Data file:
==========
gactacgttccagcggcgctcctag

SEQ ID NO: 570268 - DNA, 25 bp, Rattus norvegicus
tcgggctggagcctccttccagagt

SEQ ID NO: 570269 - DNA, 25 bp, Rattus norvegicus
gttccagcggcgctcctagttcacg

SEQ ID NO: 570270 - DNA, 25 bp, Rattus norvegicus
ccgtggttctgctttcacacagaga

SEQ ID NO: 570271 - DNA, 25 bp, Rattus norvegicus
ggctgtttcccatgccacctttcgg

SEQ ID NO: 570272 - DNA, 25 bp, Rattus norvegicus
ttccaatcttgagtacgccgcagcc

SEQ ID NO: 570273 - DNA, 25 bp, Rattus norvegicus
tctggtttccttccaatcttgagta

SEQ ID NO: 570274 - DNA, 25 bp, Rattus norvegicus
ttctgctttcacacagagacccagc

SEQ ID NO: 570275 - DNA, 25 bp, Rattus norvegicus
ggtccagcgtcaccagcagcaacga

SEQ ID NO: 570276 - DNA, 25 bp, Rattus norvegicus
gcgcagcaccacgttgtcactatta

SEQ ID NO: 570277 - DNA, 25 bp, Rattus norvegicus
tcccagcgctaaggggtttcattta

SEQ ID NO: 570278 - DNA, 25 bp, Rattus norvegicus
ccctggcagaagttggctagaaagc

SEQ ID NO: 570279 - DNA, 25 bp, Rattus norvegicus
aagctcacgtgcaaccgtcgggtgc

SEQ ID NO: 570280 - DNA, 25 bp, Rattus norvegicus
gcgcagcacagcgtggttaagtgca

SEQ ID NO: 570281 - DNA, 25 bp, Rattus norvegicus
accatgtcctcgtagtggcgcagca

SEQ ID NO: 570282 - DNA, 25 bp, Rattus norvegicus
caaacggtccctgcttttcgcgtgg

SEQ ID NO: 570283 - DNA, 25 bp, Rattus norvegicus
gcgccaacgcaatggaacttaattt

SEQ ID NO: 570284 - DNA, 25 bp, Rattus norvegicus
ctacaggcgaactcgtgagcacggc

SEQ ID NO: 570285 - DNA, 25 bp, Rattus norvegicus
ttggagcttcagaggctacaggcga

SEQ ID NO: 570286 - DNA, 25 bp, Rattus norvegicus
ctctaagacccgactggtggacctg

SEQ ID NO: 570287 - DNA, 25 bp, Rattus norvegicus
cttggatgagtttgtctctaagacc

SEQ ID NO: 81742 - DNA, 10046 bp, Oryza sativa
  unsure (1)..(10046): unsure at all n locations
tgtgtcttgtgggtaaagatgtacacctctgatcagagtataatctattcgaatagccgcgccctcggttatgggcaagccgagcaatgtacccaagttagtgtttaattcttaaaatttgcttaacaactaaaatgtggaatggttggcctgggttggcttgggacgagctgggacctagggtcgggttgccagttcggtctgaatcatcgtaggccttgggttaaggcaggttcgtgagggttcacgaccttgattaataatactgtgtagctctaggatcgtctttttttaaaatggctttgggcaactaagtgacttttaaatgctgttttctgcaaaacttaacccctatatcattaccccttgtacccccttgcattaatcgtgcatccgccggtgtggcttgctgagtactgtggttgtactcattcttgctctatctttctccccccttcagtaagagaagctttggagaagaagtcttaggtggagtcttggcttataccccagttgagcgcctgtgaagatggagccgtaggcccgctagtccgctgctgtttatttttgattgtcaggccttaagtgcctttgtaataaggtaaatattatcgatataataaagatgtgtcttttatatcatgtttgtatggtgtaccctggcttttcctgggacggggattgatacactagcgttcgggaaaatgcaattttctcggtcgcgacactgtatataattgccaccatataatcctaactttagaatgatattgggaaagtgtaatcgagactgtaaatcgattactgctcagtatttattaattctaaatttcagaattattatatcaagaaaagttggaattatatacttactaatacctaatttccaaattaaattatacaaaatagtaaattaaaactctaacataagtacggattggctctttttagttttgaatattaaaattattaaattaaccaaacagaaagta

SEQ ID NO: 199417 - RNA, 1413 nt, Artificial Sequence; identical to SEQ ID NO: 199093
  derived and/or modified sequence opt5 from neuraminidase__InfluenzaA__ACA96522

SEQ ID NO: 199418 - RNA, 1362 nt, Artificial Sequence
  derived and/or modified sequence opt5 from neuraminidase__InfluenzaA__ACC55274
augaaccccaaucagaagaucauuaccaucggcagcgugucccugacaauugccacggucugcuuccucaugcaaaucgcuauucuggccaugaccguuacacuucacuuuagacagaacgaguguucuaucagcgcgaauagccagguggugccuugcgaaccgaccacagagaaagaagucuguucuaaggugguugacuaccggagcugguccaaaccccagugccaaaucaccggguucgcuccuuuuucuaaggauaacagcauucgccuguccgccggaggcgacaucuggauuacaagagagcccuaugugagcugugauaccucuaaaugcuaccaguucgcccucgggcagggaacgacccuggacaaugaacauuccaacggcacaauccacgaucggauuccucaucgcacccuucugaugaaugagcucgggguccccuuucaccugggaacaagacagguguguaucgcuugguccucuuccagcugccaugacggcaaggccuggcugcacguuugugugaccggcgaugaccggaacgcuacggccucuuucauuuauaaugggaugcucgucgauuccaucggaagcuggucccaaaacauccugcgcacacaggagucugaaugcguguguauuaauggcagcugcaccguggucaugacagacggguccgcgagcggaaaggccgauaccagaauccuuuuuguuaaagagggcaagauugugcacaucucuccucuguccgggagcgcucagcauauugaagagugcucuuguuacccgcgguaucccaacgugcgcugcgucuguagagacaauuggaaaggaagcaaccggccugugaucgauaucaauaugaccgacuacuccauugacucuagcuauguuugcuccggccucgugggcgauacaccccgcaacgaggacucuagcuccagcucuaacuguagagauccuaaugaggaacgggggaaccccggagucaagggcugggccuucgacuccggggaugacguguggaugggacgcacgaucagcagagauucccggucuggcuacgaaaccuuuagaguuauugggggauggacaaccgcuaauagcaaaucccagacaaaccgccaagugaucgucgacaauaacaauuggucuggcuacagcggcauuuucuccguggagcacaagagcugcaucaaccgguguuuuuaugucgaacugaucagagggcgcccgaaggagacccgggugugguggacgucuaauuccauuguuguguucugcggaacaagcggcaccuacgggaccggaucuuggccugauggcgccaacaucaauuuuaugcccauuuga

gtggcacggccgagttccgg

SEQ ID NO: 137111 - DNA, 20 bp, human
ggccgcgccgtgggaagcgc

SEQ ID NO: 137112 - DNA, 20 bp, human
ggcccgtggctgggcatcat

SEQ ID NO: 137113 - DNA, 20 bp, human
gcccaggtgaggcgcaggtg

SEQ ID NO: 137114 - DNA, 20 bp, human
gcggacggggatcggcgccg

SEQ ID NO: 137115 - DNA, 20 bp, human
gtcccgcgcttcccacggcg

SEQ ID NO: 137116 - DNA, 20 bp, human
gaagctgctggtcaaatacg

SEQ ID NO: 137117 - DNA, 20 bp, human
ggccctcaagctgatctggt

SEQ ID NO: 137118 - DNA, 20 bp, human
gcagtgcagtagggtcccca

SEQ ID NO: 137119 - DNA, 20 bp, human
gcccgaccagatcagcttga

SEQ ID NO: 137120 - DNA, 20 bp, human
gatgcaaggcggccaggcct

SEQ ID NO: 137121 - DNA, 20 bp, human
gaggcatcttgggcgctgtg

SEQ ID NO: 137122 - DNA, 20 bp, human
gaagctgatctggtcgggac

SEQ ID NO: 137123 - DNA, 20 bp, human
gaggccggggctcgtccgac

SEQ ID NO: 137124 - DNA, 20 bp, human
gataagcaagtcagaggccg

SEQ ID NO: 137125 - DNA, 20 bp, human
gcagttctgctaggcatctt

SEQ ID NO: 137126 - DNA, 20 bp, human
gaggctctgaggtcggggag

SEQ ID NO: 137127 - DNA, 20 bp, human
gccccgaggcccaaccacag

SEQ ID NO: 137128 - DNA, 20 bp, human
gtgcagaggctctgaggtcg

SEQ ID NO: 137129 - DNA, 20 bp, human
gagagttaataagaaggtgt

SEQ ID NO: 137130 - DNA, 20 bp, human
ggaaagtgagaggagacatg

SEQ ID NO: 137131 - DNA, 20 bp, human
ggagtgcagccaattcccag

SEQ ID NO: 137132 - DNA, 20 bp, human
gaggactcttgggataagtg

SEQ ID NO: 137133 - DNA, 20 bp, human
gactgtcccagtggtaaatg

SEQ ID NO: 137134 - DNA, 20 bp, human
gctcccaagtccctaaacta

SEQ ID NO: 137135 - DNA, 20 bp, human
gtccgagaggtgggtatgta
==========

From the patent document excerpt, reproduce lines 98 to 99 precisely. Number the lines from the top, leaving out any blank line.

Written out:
gctcccaagtccctaaacta

SEQ ID NO: 137135 - DNA, 20 bp, human